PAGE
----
Very few artists begin work directly on canvas without any prior preparation. Thumbnailing for value and colour is one of the most important painting techniques (opens in new tab) and is widely practised among artists. It helps to provide an idea of how to paint (opens in new tab) the image and can save a lot of time while working on commissioned assignments.
The process of thumbnailing involves breaking down of the image into shapes and then dealing with the principles of design with respect to the light and dark portions of the design.
Working in colour could be looked at as an extension of working in value. An image can work and be effective to a certain limit, as long as the values are in place and the design works at the thumbnail level.
The colours would, at this stage, add to the design by giving it a sense of mood and timing. Colour should always be looked at in relation to value, because every colour has a value and it can be very helpful if the eye is trained to look at colours in terms of the greyscale.
I approach colour by thinking of the colour wheel and how various colours appear in relation to one another. I usually make between four and 10 very quick colour thumbnails, about three inches in height to understand the different colour combinations. Then I choose either the best one or a combination of two for the painting.
01. Idea and Graphite Sketch
This is a sketch for a scene from the science-fiction book, Ender's Game. In the scene, Ender is having a telepathic conversation with the queen bugger – an insectoid alien invader. I've taken quite a few liberties to keep the detail simple. I usually start off very loose, trying to find the right pose and composition. Graphite works best at this stage for me.
02. Value Thumbnails
While planning for a painting, take colour out of the equation and solve composition and value problems on a black and white level. The idea is to create pleasing light and dark shapes, and then fill in the corresponding colours in those shapes. Here I want a cool light against his black hair to create a focal point and hence a lot of my design decisions are made from that.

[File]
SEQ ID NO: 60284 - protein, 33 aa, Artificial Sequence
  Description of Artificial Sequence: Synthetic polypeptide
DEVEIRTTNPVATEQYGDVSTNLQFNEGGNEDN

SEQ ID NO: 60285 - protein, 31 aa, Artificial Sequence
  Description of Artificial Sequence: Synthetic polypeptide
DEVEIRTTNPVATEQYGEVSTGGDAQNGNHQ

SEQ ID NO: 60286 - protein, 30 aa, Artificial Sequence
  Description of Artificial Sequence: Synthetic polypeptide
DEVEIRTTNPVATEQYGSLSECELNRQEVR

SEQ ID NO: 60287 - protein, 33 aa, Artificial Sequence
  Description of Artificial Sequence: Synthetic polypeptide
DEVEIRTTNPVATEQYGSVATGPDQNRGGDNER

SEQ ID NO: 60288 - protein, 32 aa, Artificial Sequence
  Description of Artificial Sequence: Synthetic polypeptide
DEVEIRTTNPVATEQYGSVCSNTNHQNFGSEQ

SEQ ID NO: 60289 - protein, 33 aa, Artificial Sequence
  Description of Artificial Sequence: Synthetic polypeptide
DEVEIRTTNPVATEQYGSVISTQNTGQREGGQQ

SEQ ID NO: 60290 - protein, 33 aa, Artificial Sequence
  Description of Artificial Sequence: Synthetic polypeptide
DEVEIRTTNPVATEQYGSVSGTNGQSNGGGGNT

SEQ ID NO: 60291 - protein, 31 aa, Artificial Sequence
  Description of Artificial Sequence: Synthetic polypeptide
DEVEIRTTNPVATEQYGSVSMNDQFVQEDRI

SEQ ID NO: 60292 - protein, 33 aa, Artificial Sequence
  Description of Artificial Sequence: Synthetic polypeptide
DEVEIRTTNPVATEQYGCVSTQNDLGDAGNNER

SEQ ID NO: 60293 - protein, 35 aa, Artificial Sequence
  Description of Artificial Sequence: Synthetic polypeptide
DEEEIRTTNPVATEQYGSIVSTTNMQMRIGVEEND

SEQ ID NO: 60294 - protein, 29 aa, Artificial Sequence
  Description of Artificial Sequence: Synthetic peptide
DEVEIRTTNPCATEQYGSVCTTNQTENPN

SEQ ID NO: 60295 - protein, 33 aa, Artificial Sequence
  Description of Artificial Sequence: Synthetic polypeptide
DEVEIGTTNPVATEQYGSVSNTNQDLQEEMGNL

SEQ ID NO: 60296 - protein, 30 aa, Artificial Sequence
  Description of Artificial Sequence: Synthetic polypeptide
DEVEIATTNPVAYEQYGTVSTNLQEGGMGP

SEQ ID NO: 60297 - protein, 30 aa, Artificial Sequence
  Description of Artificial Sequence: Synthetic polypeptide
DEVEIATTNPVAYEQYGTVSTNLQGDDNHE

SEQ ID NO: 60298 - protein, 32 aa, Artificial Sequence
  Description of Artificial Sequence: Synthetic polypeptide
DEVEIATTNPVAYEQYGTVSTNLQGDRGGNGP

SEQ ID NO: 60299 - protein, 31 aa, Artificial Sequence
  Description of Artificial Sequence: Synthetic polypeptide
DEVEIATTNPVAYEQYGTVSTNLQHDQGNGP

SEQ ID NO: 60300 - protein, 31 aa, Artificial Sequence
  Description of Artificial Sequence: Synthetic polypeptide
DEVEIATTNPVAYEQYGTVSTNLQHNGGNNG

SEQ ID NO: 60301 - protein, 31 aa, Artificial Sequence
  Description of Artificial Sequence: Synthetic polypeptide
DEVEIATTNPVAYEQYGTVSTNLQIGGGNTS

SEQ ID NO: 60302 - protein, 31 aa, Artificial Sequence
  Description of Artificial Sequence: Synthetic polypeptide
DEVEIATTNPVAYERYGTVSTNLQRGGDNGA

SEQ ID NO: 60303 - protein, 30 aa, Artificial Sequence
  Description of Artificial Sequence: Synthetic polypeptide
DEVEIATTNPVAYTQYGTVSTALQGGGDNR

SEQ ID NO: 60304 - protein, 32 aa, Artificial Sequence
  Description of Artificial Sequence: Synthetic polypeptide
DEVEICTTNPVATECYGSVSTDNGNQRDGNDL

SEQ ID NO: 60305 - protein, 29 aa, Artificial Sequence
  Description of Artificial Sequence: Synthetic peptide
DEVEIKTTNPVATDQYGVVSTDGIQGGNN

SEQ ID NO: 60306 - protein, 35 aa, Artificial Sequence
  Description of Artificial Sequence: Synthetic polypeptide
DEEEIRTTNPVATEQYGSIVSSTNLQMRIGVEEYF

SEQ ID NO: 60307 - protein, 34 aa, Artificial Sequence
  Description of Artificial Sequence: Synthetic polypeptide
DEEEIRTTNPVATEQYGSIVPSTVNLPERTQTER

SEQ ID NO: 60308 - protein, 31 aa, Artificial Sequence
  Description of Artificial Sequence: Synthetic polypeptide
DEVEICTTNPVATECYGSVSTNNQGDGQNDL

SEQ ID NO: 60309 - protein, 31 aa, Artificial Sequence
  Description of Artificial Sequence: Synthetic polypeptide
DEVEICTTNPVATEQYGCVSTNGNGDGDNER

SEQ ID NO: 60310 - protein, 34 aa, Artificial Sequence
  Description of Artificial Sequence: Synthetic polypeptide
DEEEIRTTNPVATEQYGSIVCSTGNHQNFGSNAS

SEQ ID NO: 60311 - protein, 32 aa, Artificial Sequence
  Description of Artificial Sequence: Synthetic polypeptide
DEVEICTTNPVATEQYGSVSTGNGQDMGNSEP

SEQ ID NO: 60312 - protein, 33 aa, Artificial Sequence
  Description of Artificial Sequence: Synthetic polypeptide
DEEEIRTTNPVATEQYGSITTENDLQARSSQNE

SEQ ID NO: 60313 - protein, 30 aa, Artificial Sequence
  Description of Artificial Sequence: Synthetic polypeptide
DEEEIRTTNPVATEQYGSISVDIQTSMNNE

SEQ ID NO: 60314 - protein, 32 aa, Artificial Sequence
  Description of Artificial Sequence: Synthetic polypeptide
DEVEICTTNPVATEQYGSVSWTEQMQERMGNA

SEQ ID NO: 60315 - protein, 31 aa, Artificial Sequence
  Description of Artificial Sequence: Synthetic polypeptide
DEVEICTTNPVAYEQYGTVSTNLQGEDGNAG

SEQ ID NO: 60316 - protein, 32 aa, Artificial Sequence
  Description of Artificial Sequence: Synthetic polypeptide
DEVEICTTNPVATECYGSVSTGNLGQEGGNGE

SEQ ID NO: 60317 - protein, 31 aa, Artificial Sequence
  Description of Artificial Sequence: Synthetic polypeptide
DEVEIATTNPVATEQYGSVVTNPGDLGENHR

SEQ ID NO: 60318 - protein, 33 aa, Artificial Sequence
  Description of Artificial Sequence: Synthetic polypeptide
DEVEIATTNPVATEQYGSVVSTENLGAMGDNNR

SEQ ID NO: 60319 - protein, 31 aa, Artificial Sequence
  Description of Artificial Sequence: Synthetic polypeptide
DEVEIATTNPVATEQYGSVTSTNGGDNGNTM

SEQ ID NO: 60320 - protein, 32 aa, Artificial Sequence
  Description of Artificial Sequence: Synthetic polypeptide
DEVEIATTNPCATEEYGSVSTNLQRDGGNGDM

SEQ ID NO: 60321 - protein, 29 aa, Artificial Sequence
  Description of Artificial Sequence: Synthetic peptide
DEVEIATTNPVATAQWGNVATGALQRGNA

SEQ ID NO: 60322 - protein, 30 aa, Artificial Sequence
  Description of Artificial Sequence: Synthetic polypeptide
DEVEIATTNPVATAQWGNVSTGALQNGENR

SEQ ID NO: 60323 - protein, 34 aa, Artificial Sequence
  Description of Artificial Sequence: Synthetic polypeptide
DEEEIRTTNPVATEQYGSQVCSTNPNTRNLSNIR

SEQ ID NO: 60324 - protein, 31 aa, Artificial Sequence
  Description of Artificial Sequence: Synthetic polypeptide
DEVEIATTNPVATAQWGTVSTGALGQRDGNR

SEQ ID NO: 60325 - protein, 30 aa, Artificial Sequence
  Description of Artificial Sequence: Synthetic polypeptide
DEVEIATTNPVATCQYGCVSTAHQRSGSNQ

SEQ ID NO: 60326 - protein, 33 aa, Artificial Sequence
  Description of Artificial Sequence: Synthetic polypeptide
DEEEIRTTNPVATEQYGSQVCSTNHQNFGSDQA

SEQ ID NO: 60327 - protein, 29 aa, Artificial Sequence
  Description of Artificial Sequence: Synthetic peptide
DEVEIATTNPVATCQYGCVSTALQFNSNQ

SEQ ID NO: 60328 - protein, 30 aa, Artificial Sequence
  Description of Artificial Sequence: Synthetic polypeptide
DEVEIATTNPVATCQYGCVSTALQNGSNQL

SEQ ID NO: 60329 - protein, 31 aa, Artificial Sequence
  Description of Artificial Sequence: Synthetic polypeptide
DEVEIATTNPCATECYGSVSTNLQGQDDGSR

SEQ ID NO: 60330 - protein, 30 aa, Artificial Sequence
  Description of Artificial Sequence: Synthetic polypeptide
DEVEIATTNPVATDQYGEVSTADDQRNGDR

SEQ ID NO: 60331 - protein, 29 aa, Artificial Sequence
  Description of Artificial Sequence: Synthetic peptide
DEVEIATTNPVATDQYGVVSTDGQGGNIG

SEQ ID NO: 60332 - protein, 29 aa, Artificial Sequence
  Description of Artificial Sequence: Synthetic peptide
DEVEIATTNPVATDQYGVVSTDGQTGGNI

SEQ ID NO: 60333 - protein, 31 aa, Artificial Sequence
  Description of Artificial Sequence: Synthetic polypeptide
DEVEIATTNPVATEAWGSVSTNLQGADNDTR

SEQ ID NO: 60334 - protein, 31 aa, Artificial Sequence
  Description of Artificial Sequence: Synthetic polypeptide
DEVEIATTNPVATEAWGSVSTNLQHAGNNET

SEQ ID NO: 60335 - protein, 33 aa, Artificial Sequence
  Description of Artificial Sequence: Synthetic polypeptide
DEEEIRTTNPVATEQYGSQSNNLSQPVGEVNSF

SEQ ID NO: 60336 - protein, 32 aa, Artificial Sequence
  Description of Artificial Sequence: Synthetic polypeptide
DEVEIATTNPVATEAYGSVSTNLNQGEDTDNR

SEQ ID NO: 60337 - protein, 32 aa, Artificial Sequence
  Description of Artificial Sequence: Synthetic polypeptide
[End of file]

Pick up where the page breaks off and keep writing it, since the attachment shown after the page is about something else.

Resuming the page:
03. Colour Wheel and Colour Schemes
The colour wheel can be simplified to warm colours and cool colours. Combinations of these colours can be used effectively by applying colour schemes and studying the colour wheel in depth. I've highlighted four basic schemes here, each of which can help convey a different mood and effect.
These are pairs of colours on opposite sides of the colour wheel. When placed together they have the highest contrast and attract the viewer's eye.
This uses colours on the opposite sides of the wheel, but instead of one colour, you use the two on either side of it. This is a personal favourite of mine.
Any three neighbouring colours on the wheel. This makes for harmonious and fluid pictures and are great to create an ethereal and dreamy quality.
Three colours that are equidistant to each other. They can stand apart from each other in an image while retaining harmony.
04. Colour Thumbnails
I create thumbnails for the Ender's Game piece, based on these colour schemes. Each of these follows the values that I fixed earlier in step two. It helps to set one colour as the dominant one and then support it with the other colours in the scheme, depending on where your focal point is.
05. Colour Study Before Starting the Piece
A more refined colour study helps iron out the kinks in your final design. I usually improvise at this stage and at the final stage, just to keep the painting process more engaging. Here you can see that I am using a split-complementary colour scheme with Red-Green-Blue with muted greys to support it. Reds are dominating the picture with accents of blue at the point of highest contrast.
This article was originally published in ImagineFX magazine (opens in new tab) issue 132.